Top Tips for Creating a Pond to Encourage Wildlife into Your Garden
Gardeners across the country are being urged to put in a pond and reap the benefits for wildlife
But unfortunately, the UK has been losing a lot of its ponds, rivers and streams at a rapid rate, and only a small amount of our natural ponds and wetlands remain. Many of those left are in poor condition, and over 13 percent of freshwater and wetland species are now threatened with extinction within Britain. A sunken pond will encourage hedgehogs, frogs, newts and other amphibians to your garden, while ponds large or small are brilliant for bats, damselflies, dragonflies and other insects.
It’s so easy to help wildlife with a pocket pond. All you need to do is fill an old sink or washing-up bowl with rainwater, plant it up and make sure that wildlife can get in and out – it’s that easy!
Other household and garden items you can up-cycle into a small pond include old wheelbarrows, half a barrel, a cut down plastic dustbin or a rubber trug. Once you’ve decided on your container, all you need is some pond-liner (if your container isn’t watertight), old bricks, rocks and pebbles, some pond plants and a spade. Add the pond-liner if using, then layer the rocks and pebbles before filling with rainwater (tap water contains chemicals), then start planting.
For a larger sunken pond, look for a spot that enjoys the sun in the morning but is shady in the afternoon. Draw your outline and dig it out, leaving some shallower areas. Put a layer of sand in the bottom, and then make a trench all the way around your pond – lay butyl pond-liner in it and weigh down with large rocks, then put another layer of sand. Finally, fill the pond with rainwater, begin adding plants and watch the wildlife jump in.
Plants are vital to your pond’s health as they oxygenate the water and provide food and shelter – try to use native UK species to reduce your carbon footprint. For the edge of your pond (up to a depth of five centimetres) you can plant marsh marigolds (Caltha palustris), bright yellow lesser spearwort (Ranunculus flammula), water forget-me-not (Myosotis scorpioides) or, for slightly larger ponds, try water plantain (Alisma plantago-aquatica).
Floating plants and water lilies provide perfect perches for frogs and bees. Perhaps try frogbit (Hydrocharis morsus-ranae), water soldier (Stratiotes aloides) and white water lilies (Nymphaea alba) – although it should be noted that these last two are only suitable for larger ponds. If you’ve opted for the smaller container-style pond, some suitable plant options include miniature water lilies (Nymphaea ‘Pygmaea Helvola’), starwort (Callitriche stagnalis) and flowering rush (Butomus umbellatus).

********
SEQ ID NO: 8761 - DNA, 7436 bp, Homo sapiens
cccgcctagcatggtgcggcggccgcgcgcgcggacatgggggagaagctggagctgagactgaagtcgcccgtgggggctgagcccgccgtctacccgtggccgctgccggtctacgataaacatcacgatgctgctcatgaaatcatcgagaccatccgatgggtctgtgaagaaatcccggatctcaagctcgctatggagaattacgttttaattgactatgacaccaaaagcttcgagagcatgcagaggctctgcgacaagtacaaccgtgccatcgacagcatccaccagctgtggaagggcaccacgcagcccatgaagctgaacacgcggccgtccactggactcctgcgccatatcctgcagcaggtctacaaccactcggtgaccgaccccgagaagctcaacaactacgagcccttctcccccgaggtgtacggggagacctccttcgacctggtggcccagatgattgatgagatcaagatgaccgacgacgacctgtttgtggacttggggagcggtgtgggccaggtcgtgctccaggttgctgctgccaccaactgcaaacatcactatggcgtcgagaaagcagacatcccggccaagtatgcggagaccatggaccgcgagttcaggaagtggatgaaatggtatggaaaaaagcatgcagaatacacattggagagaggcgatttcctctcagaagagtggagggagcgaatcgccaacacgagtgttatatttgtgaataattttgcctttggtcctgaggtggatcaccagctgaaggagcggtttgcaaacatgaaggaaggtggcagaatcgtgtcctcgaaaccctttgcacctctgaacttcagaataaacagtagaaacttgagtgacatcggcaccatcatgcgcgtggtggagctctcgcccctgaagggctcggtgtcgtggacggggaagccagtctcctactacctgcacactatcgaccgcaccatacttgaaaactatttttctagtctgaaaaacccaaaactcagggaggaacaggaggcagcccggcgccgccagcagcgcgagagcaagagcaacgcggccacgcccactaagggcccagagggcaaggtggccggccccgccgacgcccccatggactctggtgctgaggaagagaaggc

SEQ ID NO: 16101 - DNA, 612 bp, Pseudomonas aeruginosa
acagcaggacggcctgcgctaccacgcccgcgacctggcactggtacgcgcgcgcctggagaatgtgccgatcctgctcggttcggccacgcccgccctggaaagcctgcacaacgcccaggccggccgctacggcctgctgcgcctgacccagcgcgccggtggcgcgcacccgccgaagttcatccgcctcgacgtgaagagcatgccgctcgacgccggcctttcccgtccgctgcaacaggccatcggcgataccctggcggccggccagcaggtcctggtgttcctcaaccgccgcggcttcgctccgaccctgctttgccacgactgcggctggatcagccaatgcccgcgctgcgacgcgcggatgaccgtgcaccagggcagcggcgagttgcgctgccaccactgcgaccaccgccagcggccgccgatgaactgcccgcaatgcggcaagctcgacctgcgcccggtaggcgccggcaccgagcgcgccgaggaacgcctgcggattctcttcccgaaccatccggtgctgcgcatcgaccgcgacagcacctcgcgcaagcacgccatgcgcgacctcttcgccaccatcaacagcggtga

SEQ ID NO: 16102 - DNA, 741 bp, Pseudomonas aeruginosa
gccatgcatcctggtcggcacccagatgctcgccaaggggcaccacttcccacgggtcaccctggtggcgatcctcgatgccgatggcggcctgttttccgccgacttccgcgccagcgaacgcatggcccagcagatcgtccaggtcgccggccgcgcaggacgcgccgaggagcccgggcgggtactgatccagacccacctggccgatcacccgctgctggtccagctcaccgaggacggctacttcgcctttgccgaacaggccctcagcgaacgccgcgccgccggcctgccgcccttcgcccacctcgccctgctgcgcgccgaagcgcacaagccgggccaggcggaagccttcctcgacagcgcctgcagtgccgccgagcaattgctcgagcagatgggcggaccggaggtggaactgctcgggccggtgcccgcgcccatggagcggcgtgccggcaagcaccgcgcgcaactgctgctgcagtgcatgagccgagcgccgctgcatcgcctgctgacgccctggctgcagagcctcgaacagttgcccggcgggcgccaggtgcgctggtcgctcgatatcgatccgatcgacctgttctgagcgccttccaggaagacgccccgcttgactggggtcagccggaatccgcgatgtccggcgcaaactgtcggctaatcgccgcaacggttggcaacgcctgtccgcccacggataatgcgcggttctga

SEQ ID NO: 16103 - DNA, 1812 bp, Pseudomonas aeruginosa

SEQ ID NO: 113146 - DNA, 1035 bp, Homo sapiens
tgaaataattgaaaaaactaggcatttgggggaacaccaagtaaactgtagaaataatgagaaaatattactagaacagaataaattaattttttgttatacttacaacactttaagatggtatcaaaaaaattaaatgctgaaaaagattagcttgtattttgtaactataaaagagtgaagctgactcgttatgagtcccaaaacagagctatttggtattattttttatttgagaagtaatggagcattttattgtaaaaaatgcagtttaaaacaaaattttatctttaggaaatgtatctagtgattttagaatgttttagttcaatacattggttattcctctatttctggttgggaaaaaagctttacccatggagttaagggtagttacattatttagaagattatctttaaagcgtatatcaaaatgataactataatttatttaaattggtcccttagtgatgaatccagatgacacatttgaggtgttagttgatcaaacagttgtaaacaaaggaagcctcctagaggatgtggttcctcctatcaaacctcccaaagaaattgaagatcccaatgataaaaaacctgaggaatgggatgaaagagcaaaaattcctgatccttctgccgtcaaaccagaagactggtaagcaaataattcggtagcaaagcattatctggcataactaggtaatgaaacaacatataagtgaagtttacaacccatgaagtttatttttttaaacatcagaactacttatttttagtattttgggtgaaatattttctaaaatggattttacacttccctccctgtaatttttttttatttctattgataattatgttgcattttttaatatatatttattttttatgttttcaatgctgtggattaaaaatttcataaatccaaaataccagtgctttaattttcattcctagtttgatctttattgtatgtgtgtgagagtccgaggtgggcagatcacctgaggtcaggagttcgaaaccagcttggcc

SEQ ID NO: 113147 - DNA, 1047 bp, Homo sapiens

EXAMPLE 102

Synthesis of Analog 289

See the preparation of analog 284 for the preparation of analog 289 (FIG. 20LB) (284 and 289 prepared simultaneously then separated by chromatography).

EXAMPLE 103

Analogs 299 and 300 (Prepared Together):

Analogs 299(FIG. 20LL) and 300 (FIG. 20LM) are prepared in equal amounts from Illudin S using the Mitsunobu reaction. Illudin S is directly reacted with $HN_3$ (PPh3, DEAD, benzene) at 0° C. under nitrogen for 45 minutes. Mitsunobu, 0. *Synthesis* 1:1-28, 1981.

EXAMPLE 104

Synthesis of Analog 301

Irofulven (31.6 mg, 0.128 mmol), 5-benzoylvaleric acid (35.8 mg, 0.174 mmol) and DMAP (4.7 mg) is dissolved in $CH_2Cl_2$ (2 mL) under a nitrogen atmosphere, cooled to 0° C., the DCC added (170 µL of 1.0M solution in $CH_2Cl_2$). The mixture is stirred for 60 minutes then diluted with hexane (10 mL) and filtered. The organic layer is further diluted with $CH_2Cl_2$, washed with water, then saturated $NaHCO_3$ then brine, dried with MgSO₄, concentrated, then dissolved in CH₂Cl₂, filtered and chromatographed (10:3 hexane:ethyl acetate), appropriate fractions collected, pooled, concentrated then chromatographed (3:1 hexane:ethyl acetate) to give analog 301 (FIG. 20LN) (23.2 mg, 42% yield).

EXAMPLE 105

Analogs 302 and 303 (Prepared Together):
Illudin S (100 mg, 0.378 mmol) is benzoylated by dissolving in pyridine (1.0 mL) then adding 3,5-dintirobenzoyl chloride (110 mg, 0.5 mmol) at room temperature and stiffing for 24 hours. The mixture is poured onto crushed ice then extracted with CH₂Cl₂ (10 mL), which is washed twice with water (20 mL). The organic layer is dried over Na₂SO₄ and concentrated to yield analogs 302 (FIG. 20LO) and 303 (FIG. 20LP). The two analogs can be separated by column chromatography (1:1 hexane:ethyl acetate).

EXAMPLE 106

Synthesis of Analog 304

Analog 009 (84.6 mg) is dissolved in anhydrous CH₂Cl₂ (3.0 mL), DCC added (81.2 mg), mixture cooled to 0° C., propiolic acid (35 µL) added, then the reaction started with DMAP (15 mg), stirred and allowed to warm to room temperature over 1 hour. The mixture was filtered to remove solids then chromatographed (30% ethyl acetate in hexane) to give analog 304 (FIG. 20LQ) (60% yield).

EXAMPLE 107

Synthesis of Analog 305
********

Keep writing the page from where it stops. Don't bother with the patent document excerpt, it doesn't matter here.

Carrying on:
Finally, those all-important oxygenators – these plants are not essential for a small pond but will keep bigger ponds healthy while submerged under the water. Try water-crowfoot (Ranunculus aquatilis), water violet (Hottonia palustris), pillwort (Pilularia globulifera) and willow moss (Fontinalis antipyretica), which is best planted attached to a stone.
Now that you’ve got your plants in you’re ready to go, but the experts at the RHS and Wildlife Trusts do have some tips for keeping your pond at its best throughout the year.
Put in barley straw pads to help reduce any algae issues. Try not to disturb your pond too much during this time as there will be a lot of activity going on under the surface. Introduce any new plants mid-spring, when you can also divide plants and compost any excess.
Some evaporation is normal in the summer, but if your pond level drops too low, do top it up with rainwater. Keep the grass around the pond long to provide shelter for baby frogs, but cut back any vigorous plants and remove duckweed. Blanketweed can also be pulled out in small amounts at a time, but be sure to check for any trapped newts, water boatmen or other wildlife before doing so.
If you need to carry out any maintenance work, do it now while the pond is less active. Plants will also die back at this time. Remove excess fallen leaves and cut back any overhanging branches to allow more light to reach the pond.
A healthy pond shouldn’t be too affected by freezing over, but a mini pond can be bubble-wrapped for insulation or moved closer to the house. Avoid smashing the ice as the shards can cause damage. If wildlife depends on your pond for drinking water, leave a ball near the edge to keep a section free or melt a hole by holding a pan of hot water over the ice. Brush any snow off the surface to maximise light.